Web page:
The question is: How do we balance life when there is negativity looming around us? Escaping to a desert island sound compelling, but not practical. I am not advocating avioding or numbing – it is more about learning how to fill up while dealing with negativity. No matter how hard we try, constant negativity will get to us. The truth is, negativity breads negativity.
Here is what I did:
I focused on my upcoming presentations:
When the focus is on what makes my heart sing, negativity quickly transforms to joy and gratitude.
Creating my newest program is my way of helping others to live in the solution and I have a blast teaching that.
Remember this – no matter what is happening in your life or the world, bring your focus back to small steps to embrace what fills you up.
My last newsletter was titled I Am the Worst in Class: If you did not read it, check it out.
After I sent the newsletter, I received this email from my older daughter: How much fun it that?
Subject line: Ellen’s philosophy on being a beginner
If I am going to be a beginner, I am going to be the best damn beginner in the whole class. And I will write a newsletter about how excellent (expert, even) I am at being a beginner! I think you’re great!
After I stopped laughing, my first reaction was one of elation- my daughter was reading my newsletters! Then I started thinking about her response. She had me pegged. I am still an overachiever even when I am the worst! I have to face the fact- I am not cured from perfectionism.
I enjoy reading Brene Brown’s work. The focus of her book Daring Greatly is on vulnerability. Early in the book she talks about our fear of being ordinary. She says: “I know that yearning to believe that what I’m doing matters and how easy it is to confuse that with the drive to be extraordinary. I know how seductive it is to use the celebrity culture yardstick to measure the smallness of our lives.”
We can easily be seduced into measuring ourselves to others and feeling less than.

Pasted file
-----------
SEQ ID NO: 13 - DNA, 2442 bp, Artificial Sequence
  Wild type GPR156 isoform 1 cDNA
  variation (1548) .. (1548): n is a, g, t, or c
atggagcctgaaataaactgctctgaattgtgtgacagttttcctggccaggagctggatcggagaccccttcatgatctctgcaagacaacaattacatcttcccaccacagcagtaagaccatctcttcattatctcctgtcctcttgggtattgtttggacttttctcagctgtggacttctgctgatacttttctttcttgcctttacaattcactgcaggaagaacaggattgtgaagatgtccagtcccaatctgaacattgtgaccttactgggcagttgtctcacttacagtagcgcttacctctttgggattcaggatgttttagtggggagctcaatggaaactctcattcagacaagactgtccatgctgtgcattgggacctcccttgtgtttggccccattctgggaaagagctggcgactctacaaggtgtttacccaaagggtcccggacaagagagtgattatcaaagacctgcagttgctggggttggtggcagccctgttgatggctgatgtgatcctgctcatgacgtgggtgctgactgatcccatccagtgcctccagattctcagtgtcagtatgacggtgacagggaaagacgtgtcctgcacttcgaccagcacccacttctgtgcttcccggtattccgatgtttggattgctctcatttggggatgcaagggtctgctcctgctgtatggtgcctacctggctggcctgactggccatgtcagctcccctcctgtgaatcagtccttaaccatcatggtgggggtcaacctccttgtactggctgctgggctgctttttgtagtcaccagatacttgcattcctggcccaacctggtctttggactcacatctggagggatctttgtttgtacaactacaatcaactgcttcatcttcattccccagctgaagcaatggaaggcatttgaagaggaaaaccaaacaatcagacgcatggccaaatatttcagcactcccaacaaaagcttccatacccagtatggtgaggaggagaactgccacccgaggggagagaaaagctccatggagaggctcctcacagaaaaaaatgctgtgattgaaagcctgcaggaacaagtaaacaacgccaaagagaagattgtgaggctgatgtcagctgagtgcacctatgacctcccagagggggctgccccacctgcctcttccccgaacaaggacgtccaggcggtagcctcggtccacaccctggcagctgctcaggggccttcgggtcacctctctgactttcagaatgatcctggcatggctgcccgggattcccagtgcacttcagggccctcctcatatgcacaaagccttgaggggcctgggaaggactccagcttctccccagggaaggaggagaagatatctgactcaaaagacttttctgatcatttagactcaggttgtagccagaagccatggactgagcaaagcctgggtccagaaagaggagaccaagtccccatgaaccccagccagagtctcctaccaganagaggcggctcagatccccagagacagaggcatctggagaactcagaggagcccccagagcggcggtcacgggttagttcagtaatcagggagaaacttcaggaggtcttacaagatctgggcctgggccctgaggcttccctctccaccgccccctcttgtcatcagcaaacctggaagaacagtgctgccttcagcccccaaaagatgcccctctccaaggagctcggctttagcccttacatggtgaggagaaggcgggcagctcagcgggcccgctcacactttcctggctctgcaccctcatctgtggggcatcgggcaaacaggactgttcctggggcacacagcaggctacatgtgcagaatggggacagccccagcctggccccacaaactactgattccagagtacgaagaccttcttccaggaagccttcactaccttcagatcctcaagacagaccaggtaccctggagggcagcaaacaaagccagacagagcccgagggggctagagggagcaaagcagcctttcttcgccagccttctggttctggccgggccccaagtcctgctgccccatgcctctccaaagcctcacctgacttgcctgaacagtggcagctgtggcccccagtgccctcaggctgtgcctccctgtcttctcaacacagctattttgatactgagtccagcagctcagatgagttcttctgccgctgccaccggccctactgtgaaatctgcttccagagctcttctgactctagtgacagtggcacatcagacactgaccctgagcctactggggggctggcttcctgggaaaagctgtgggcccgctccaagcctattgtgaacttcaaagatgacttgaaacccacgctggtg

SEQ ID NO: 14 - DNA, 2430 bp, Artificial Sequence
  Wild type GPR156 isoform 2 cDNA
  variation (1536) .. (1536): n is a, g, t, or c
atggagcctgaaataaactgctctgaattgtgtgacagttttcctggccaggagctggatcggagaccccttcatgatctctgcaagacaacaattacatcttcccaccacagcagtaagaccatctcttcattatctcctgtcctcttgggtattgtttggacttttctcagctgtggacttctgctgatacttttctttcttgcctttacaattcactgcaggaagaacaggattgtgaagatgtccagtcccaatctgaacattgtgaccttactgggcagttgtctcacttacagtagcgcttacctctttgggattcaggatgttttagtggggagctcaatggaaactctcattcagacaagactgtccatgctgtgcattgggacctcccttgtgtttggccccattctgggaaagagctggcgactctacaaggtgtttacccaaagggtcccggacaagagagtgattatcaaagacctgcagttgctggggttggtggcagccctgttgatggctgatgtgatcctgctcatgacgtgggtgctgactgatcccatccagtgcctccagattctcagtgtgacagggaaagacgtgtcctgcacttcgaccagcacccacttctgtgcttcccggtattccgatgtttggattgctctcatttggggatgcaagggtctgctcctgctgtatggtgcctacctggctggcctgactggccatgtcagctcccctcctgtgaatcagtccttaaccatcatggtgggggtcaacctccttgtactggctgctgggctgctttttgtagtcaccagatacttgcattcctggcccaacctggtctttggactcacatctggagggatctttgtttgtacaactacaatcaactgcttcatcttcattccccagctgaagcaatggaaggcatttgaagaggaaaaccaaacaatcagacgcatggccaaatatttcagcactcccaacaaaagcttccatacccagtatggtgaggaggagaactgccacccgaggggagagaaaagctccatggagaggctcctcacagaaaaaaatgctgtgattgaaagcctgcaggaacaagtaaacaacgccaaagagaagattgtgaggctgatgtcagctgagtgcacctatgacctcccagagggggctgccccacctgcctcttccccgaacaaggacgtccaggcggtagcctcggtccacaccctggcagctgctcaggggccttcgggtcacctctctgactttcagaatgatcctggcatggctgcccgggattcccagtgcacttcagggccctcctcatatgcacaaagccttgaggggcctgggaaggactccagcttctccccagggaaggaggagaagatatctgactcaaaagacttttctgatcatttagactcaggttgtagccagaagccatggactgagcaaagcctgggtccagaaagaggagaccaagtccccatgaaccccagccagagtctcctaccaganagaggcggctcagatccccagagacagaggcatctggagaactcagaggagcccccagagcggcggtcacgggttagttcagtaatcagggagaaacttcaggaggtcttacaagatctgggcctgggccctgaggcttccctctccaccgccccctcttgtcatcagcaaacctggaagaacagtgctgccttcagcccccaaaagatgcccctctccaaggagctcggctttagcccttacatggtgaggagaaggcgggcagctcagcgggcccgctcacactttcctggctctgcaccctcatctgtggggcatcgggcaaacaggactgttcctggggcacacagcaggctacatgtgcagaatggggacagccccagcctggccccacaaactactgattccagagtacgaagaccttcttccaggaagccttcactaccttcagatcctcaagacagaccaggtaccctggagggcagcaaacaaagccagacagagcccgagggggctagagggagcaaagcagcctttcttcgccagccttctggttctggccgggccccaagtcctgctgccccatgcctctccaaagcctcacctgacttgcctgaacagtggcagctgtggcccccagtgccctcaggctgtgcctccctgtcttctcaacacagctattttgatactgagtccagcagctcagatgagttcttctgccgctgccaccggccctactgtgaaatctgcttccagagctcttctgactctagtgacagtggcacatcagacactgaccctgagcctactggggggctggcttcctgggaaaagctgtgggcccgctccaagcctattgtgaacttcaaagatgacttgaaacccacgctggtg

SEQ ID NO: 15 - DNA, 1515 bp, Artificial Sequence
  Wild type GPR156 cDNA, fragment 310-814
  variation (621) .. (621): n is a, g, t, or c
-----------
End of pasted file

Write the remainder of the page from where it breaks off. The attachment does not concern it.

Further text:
It is difficult to just be ordinary, part of the pack. I admit, using my jewelry class as an example is a stretch, but it reminds me of how many of us get caught in the spiral of wanting to be the best or extraordinary at something, and chase after the notion of what or where we should be. Even if we are really good at what we do, it is easy to find someone who is more successful and it robs us of feeling at ease with ourselves. I venture to say everyone deals with this. I have dipped into that space over the years and it is no fun.
As for my jewelry class, I guess I knew I could not be the best, so I am mastering being the worst. Last week I broke 4 blades trying to saw my necklace shape. I guess having my beginning necklace be a circular shape was a bit overachieving after all! I do see other beginners in the class making mistakes. Now I can go and just be oaky- not the best, not the worst (still up for debate!) Just part of the pack.
We all have areas where we excel and areas where we are not strong. When we accept that we are an ordinary part of the pack, we are able to relate more to others- a part of, rather than apart from. I will always strive to improve, and for now I want to improve just being Ellen- cute, messy, and fun!